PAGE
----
Evaluating Usability Evaluation Methods: Criteria, Method and a Case Study

DOI: 10.1007/978-3-540-73105-4_63 In book: Human-Computer Interaction, Part I, HCII 2007, LNCS 4550, Publisher: Springer, Editors: J. Jacko, pp.569-578


The paper proposes an approach to comparative usability evaluation that incorporates important relevant criteria identified
in previous work. It applies the proposed approach to a case study of a comparative evaluation of an academic website employing
four widely-used usability evaluation methods (UEMs): heuristic evaluation, cognitive walkthroughs, think-aloud protocol and
co-discovery learning.

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Available from: Panayiotis Koutsabasis
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    • "Usability evaluation method refers to any method or procedure used to undertake usability evaluation of a specific application " s user interface to highlight usability trouble areas. Some UEMs provide additional output, such as usability problem reports, to categorise usability issues according to type, to map issues to causative features from within the systems design, or to recommend alternative design solutions [Hartson et al., 2001]. "
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    ABSTRACT: Traditional in-lab usability testing has long been the standard method for evaluating and improving the usability of software interfaces. In-lab testing, though effective, has its drawbacks such as unavailability of representative end-users, high testing costs, and the difficulty of reproducing a user"s everyday environment. To overcome these issues, various alternative usability evaluation methods (UEMs) have been developed over the past two decades. One of the most commonly used is the remote usability testing method. Ever since remote usability testing was introduced fourteen years ago, its effectiveness has been judged and evaluated against that of traditional in-lab testing. However, there is a distinct lack of research exploring the effectiveness of the various modes of remote usability testing. This research aimed to conduct a comparative study of two types of remote usability testing methods namely: synchronous and asynchronous remote usability testing. These two methods were compared through an evaluation of a website, which involved three points of comparison: number and type of problems discovered, overall task performance, and test participants" satisfaction. The results of the study showed that the synchronous testing method performed better than the asynchronous testing method in terms of the number and types of usability problems discovered, although no statistical significant differences were found. The participants in the synchronous test were notably more successful than the participants in the asynchronous test in completing the test tasks. However, the asynchronous test participants were significantly quicker than synchronous participants in performing those tasks. Participants in the synchronous tests also scored slightly higher satisfaction rate with regards to the targeted website. However, asynchronous participants were considerably more satisfied with the remote method that they had participated in. The paper concludes with a set of recommendations for conducting such research.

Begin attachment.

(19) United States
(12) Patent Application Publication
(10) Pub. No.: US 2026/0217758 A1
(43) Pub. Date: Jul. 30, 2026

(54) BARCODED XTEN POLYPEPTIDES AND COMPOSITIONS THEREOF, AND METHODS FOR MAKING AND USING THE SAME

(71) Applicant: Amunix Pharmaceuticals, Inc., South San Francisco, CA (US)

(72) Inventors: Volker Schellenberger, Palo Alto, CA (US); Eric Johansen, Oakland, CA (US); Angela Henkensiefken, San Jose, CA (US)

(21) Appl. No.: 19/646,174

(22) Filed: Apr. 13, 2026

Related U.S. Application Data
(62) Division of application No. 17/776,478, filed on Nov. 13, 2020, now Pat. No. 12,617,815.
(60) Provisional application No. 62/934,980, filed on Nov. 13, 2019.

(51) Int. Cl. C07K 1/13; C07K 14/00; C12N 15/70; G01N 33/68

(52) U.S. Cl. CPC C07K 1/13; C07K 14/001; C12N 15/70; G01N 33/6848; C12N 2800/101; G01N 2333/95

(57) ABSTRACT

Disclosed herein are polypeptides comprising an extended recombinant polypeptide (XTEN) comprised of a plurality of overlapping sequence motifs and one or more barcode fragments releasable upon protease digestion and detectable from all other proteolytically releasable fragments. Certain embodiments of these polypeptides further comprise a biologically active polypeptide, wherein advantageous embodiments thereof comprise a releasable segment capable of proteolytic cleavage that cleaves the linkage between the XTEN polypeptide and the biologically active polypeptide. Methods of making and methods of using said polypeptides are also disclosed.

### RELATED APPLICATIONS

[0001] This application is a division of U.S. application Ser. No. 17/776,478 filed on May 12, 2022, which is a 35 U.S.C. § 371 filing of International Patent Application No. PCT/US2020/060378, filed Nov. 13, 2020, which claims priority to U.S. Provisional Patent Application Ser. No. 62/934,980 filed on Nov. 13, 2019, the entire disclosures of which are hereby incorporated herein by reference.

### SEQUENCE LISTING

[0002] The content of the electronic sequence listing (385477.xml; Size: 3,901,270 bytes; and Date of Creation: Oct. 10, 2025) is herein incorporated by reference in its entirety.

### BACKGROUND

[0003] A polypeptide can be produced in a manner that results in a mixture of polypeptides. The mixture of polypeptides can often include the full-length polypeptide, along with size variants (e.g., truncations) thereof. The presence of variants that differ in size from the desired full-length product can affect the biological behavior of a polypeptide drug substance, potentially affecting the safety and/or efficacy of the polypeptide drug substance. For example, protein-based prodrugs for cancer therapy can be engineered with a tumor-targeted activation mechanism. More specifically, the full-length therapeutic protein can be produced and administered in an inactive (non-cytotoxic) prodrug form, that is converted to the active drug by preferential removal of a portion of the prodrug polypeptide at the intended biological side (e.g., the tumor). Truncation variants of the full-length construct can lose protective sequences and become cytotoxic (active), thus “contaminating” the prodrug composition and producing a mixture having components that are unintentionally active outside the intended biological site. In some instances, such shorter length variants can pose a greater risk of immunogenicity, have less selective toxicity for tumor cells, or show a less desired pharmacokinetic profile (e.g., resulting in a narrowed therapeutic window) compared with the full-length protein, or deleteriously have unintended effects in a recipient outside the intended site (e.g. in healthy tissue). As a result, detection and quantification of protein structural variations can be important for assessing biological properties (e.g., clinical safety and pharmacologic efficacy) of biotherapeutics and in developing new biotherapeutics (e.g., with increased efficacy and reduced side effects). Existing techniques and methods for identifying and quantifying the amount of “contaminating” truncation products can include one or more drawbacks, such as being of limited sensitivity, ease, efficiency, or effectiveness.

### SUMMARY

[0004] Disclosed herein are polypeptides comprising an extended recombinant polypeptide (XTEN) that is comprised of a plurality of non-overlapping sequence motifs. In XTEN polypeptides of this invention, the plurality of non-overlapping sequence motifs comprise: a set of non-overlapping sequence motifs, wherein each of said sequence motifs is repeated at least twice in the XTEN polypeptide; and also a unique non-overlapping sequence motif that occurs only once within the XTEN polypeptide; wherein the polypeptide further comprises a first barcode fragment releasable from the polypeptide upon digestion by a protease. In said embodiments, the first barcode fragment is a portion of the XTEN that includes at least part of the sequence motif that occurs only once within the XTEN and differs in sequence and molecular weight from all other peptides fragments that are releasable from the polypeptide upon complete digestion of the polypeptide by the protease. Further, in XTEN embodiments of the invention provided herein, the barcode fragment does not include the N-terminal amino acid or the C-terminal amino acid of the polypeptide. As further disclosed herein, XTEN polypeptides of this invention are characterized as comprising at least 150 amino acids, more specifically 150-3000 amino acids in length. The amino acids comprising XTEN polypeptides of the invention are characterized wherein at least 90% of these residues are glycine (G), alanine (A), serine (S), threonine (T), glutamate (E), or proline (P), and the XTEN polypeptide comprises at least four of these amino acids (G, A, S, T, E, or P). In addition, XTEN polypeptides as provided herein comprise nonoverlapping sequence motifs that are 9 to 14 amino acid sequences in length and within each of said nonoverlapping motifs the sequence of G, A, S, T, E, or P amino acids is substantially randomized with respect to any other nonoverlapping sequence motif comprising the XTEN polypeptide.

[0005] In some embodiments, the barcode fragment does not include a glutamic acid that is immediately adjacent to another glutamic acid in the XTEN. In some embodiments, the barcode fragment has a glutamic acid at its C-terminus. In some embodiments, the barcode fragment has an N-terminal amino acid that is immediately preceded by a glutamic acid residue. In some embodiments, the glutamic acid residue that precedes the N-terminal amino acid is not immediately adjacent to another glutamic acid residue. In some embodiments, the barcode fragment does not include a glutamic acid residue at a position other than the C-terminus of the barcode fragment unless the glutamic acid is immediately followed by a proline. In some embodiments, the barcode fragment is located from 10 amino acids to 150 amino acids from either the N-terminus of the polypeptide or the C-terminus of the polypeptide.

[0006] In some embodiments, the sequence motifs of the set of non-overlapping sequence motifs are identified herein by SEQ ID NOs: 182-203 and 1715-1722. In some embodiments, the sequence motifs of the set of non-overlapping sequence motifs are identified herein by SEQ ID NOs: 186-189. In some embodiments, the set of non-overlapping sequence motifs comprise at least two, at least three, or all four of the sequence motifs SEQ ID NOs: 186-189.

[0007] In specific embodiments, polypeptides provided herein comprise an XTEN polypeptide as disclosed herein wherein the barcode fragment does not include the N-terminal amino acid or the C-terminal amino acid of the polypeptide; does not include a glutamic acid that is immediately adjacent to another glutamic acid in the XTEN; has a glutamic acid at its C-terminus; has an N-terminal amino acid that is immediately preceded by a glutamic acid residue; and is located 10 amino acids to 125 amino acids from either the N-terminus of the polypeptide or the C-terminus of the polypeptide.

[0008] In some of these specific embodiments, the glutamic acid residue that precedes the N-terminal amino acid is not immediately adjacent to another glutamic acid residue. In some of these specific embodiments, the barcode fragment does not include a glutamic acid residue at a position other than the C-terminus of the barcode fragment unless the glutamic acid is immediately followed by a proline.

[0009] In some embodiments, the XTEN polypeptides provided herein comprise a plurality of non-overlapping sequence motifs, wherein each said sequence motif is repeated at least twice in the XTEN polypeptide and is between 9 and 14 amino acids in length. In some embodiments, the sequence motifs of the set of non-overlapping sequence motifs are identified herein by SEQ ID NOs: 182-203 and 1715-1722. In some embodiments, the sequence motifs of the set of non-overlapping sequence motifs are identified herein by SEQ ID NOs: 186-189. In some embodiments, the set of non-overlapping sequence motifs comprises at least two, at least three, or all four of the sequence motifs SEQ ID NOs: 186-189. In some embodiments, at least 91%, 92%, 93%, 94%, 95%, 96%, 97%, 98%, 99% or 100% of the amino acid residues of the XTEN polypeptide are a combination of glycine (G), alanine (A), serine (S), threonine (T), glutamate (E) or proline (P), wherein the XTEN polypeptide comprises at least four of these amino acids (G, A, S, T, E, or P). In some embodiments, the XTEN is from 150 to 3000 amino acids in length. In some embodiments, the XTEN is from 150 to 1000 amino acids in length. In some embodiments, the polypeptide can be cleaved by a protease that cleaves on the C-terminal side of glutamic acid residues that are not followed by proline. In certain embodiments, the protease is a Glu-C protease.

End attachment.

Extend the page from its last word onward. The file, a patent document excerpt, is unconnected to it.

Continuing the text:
Full-text · Article · Jul 2013
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    • "Software developers are struggling to manage the software complexities while embedded system developers are trying to manage the hardware or firmware complexities (Cavet et al., 2007; Gulliksen, 2007; Kim et al., 2007; Navarre et al., 2011). However, the physical interface and interaction complexities are often being neglected resulting in the development of complex and poorly interactive embedded systems (Coskun and Grabowski, 2005; Dix et al., 2009; Ferscha et al., 2007; Hare et al., 2009; Koutsabasis et al., 2007; Majid et al., 2011; Meier et al., 2011; Reddy et al., 2010). Although all the development efforts are aimed to facilitate the user but the user ends up getting difficult products to work with. "
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    ABSTRACT: Embedded systems are becoming more significant in our daily lives with the advent of ubiquitous computing. The increasing demands of multifarious functionalities and other factors lead to an increased focus of development on internal software issues. Negligence towards the interaction aspects of physical interface is resulting in the generation of interaction complexities for the user. This work evaluates, compares, and highlights the significance of physicality aspects of embedded system interfaces using five subjects including; washing machine; camera; oven; sound system; and MP3 player. The quantitative evaluation approach helps in a simple investigation by applying the numeric values for each aspect. The result analysis highlights the significance of exposed state, tangible transition, and inverse action over other physicality aspects. This study is especially valuable for the embedded system developers who may not have exposure or expertise to Human-Computer Interaction or its sub-field, Physicality. Managing and incorporating physicality aspects in embedded systems is a key factor for producing natural interaction products.
    Full-text · Article · Mar 2013
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    • "In order that usability evaluation methods (UEMs) and their evaluation can be fully comprehended, one must understand usability evaluation. Koutsabasis et al. (2007) defined usability evaluation as the appraisal of a particular application " s user interface, an interaction metaphor or method, or an input device, to determine its actual or likely usability [Koutsabasis et al., 2007]. Overall, usability evaluation can be split "

    Full-text · Article · Jan 2013
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